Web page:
“I’ve been through a bunch in the last two and a-half or three years personally,” Sunny Sweeney muses. “It’s been rough. My marriage fell apart — just a lot of different things [happened]. That’s where all these songs came from.”
The Texas-born singer-songwriter is reflecting on the emotional territory she inhabited when she was putting together her recently-released second album, Concrete.
“I wanted the [name of the album] to be something that was, like, tough,” she explains. “And I wanted it to be one word. Concrete, I think, is heavy. … Also, concrete builds foundations. From all this hard stuff I’ve been through, I feel like I’ve built a really solid foundation for more positive stuff to happen in the future.”
The explosive nature of love permeates the album, as evidenced by such dramatic song titles as “Staying’s Worse Than Leaving” (her current single), “Drink Myself Single,” “It Wrecks Me,” “Mean as You,” “Worn Out Heart” and “Helluva Heart.”
Austin-based Sweeney co-wrote seven of the 10 songs on the album, all of which are expressed from the first-person, it’s-about-me, point of view. Clearly, there’s some major catharsis going on.
“I think a lot of [songwriters] try to make love and life and everything sound positive,” she says. “But I think everybody’s who’s been in a relationship knows better. There are wonderful relationships. I’m in one right now and absolutely, to the best of my knowledge, the best I can pick — a perfect relationship.
“But I’m not a perfect girlfriend or wife. Guys that I’ve dated and the man I was married to weren’t perfect. I’ve learned [about romantic relationships] by playing shows. People come up to me and say, ’Thank you. We’ve needed something that was real. And you’re singing about real-life situations.'”
Sweeney’s fans have had to wait a long time to hear the full scope of her new music. She debuted her first album, Heartbreakers Hall of Fame, on an independent label in March 2006. Then Big Machine Records took over and reissued it to a national audience a year later.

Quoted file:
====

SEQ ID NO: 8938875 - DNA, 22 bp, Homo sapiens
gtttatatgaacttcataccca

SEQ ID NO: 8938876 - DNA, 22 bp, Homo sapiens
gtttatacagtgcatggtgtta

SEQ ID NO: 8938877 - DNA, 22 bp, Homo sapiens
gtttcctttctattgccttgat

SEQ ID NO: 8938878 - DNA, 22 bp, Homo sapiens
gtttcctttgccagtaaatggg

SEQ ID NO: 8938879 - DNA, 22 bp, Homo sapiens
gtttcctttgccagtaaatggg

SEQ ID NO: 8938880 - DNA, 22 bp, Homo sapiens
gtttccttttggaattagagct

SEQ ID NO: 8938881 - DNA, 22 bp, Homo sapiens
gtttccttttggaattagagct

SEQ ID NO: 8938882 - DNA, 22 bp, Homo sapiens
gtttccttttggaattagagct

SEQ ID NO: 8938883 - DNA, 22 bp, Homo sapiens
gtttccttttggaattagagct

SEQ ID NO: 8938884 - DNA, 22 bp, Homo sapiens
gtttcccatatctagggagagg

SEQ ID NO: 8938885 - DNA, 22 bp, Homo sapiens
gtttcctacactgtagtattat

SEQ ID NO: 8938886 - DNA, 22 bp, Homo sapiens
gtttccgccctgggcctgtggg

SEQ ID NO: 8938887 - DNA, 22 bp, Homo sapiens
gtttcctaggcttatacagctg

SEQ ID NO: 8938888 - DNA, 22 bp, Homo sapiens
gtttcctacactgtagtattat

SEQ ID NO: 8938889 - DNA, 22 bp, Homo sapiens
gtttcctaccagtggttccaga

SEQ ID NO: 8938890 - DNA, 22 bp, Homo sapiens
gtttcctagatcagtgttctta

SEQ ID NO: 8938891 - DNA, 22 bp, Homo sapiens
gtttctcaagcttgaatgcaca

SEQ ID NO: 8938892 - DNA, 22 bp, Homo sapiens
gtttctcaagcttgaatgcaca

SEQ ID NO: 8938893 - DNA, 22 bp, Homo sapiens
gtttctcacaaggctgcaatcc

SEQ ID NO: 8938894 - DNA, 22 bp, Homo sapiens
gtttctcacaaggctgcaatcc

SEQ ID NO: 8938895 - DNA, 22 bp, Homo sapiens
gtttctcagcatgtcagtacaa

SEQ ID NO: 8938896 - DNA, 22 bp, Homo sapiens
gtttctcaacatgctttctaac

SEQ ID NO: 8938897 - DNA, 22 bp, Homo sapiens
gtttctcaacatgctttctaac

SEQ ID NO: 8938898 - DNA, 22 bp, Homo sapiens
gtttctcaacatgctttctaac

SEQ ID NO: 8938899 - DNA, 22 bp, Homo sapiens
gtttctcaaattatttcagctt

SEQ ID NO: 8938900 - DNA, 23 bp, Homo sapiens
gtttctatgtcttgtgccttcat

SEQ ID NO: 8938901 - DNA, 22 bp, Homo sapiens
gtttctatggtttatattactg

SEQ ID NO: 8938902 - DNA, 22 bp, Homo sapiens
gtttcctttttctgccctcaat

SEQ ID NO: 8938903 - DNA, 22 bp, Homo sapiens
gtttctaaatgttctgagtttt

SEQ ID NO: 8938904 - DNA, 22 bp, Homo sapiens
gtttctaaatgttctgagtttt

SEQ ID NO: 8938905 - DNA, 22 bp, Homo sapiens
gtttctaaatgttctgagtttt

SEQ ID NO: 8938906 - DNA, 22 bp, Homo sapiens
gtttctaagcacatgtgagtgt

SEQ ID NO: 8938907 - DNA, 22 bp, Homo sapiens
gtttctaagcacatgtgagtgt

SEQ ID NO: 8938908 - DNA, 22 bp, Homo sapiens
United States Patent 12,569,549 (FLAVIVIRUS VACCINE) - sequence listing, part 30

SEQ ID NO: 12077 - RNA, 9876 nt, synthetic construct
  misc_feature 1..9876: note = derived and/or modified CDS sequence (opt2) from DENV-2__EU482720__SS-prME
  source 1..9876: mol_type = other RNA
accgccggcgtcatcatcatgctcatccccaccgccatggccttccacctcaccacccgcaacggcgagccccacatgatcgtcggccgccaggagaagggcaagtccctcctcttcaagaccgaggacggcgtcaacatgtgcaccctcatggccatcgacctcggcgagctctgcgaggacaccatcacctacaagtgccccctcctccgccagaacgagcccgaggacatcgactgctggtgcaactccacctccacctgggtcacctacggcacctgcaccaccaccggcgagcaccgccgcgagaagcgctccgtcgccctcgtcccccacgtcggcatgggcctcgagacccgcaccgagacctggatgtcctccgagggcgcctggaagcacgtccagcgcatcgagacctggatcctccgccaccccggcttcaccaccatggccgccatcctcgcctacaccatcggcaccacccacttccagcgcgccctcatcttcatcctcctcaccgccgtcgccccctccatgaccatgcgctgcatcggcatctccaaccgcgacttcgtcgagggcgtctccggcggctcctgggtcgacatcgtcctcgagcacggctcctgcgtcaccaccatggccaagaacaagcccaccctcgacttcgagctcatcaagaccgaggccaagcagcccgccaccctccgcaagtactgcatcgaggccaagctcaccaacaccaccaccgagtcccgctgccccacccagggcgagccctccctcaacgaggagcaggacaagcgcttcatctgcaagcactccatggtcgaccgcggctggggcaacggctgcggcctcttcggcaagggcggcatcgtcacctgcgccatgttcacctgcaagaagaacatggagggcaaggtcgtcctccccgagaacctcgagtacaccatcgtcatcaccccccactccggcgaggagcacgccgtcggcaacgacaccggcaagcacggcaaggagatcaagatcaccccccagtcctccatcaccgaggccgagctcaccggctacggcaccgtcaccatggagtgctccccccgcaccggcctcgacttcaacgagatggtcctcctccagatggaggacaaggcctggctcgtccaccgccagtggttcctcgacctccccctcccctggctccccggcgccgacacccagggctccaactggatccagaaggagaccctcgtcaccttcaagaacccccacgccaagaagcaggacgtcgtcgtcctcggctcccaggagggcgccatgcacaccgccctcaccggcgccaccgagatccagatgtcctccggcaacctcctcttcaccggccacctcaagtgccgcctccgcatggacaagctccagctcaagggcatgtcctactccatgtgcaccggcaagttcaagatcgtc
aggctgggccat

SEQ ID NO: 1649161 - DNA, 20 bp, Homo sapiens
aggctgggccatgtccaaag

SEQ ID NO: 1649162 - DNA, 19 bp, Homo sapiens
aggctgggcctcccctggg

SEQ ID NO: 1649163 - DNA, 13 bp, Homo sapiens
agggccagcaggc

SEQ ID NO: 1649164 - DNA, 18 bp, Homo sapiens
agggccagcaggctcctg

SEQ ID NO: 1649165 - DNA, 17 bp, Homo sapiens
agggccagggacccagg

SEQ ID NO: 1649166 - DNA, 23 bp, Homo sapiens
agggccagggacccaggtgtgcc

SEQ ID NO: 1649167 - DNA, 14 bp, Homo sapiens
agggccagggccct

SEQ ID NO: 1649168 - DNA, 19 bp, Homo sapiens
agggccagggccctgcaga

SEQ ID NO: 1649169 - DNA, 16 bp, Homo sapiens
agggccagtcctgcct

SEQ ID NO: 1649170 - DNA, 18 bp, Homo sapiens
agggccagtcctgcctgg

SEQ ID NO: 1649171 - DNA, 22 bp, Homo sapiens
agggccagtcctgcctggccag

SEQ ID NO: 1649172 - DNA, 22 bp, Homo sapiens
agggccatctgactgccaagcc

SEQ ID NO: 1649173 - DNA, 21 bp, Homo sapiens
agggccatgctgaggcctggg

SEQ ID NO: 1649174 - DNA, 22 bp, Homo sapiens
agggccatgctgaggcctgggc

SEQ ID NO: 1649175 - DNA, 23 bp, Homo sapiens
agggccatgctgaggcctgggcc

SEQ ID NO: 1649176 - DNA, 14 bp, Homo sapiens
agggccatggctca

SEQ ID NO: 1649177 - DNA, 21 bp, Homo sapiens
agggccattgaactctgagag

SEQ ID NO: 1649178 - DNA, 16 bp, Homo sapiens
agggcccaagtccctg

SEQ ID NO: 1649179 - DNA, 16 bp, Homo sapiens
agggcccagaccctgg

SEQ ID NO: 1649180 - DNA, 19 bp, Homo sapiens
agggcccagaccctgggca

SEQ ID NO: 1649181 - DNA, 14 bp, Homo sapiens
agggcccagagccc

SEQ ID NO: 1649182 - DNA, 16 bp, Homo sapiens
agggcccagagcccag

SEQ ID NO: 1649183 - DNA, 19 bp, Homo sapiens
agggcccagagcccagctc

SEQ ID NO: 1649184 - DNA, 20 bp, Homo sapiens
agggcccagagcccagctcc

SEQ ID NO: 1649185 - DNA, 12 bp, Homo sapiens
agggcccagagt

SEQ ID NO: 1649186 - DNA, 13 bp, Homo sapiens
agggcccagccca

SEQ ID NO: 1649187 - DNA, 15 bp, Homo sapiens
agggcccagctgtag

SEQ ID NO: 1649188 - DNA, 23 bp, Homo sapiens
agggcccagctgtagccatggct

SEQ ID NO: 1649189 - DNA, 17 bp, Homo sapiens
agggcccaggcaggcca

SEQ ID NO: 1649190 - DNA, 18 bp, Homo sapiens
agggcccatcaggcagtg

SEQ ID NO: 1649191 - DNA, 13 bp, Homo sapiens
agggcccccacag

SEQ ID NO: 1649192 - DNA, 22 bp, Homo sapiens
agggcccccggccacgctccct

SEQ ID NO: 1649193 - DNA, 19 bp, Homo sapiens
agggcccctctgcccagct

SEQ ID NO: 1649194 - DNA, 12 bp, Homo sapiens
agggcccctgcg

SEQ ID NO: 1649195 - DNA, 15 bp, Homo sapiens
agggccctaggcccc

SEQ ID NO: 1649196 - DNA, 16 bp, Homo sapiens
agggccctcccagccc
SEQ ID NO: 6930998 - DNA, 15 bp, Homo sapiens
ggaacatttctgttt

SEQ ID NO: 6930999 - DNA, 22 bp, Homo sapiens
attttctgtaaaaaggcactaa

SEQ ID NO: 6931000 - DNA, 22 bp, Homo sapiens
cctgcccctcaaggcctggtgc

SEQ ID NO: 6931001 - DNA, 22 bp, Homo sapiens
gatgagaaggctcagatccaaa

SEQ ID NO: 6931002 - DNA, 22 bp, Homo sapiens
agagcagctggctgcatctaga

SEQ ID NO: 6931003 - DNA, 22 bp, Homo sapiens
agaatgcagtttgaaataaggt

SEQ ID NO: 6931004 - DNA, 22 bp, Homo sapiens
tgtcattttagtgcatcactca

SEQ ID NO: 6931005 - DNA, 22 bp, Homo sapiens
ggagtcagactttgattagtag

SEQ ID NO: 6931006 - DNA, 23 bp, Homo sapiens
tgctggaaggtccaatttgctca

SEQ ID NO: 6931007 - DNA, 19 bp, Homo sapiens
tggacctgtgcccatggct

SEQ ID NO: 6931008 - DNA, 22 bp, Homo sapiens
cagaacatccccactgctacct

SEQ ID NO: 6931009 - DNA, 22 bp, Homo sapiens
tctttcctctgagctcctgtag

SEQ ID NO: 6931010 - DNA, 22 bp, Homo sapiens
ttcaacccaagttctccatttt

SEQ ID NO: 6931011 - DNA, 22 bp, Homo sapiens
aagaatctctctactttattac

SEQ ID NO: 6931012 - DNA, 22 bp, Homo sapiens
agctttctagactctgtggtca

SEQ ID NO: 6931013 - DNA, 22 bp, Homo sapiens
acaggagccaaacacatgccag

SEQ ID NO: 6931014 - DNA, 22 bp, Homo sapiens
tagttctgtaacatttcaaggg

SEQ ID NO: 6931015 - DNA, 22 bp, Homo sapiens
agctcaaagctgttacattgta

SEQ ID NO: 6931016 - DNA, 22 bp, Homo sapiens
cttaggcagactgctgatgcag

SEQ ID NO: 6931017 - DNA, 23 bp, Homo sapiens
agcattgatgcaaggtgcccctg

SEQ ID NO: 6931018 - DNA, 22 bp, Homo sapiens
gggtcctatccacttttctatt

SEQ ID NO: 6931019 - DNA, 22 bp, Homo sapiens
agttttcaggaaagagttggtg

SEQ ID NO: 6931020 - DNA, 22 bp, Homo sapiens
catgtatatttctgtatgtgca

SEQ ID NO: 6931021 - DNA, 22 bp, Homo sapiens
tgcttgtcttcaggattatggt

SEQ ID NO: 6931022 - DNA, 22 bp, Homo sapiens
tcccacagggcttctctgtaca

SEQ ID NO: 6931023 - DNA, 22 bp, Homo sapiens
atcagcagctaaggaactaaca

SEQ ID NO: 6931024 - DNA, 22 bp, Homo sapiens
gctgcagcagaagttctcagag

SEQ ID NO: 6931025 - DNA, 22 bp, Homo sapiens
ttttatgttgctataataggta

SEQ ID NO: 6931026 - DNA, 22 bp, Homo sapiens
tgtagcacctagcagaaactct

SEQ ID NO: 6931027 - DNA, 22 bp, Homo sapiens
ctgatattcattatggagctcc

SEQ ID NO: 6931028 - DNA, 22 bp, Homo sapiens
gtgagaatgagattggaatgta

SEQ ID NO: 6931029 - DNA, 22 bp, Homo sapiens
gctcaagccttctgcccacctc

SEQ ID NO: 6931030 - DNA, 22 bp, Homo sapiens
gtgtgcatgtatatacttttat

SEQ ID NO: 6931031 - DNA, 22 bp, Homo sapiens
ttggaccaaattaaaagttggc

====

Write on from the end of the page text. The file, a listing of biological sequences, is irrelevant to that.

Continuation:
So there’s been a four-year dry spell, musically speaking. But Sweeney says the span between albums had nothing to do with her personal problems.
“When [Big Machine chief] Scott [Borchetta] signed me to his label, I said, ’What am I supposed to do now?’ He was, like, ’You need to keep playing. You need to polish your show up, polish your guitar [playing] up.’ It was basically, ’Just play, play, play.’ That was all right with me because he’s the one who knows the record business. He’s the genius when it comes to putting the music out. So I just trusted him.
“I follow other people’s plans. Label and management — they’re the ones that have been around in the business for this long. And they haven’t steered me wrong yet. So there was a little bit of a delay. But had I tried to fight to make a record earlier than that, I wouldn’t have had any of these songs because they all came in the last couple of years.”
Sweeney now records for Republic Nashville, a Big Machine affiliate.
To guide her through the making of a new album, Sweeney turned to songwriter and producer Brett Beavers, who’s best known for his work with Dierks Bentley.
“Scott and I were talking one day about who I wanted to produce me and everything,” Sweeney recalls, “and I said, ’I really like this guy Dierks Bentley. I love how his records sound.’ Scott said, ’All right, go get everything he’s got and find out other people’s music that you like.’
“So I bought every Dierks record I could find. Then I just kept going back to his records because they sounded so cool. I went, ’OK. Who’s producing all this?'”
The answer, of course, was Brett Beavers.
“Come to find out, he’s from Texas,” Sweeney beams. “He loves traditional country music. But he knows how to make it modern for radio. We met, and I was just crossing my fingers the whole time that it was going to work out. And it did. He’s the only person that I can see myself using because he totally gets me musically.”
In addition to producing Concrete, Beavers also co-wrote with Sweeney on “Worn Out Heart.”
Sweeney began recording the album in late 2008 and completed it last year. Five songs from Concrete were released early this year as a digital EP. She has been touring with Brad Paisley since May.
Some of Sweeney’s initial publicity alluded to her work as a comedian. That subject has become something of a sore point with her these days — not because it’s untrue or she’s ashamed of it but because it tends to divert attention from her music.
“I’ll never, ever do comedy again,” she vows. “I loved doing comedy when I was doing it. But when I do five-minute radio interviews, they’ll say, ’Let’s talk about comedy.’ And it turns out to be two or three minutes spent talking about that when we could be talking about my music, which is what I’m promoting.
“I figure one of these days, when I get one of these long, two-hour televised interviews, I’ll spill my guts. I’ll talk about anything because that makes me real.”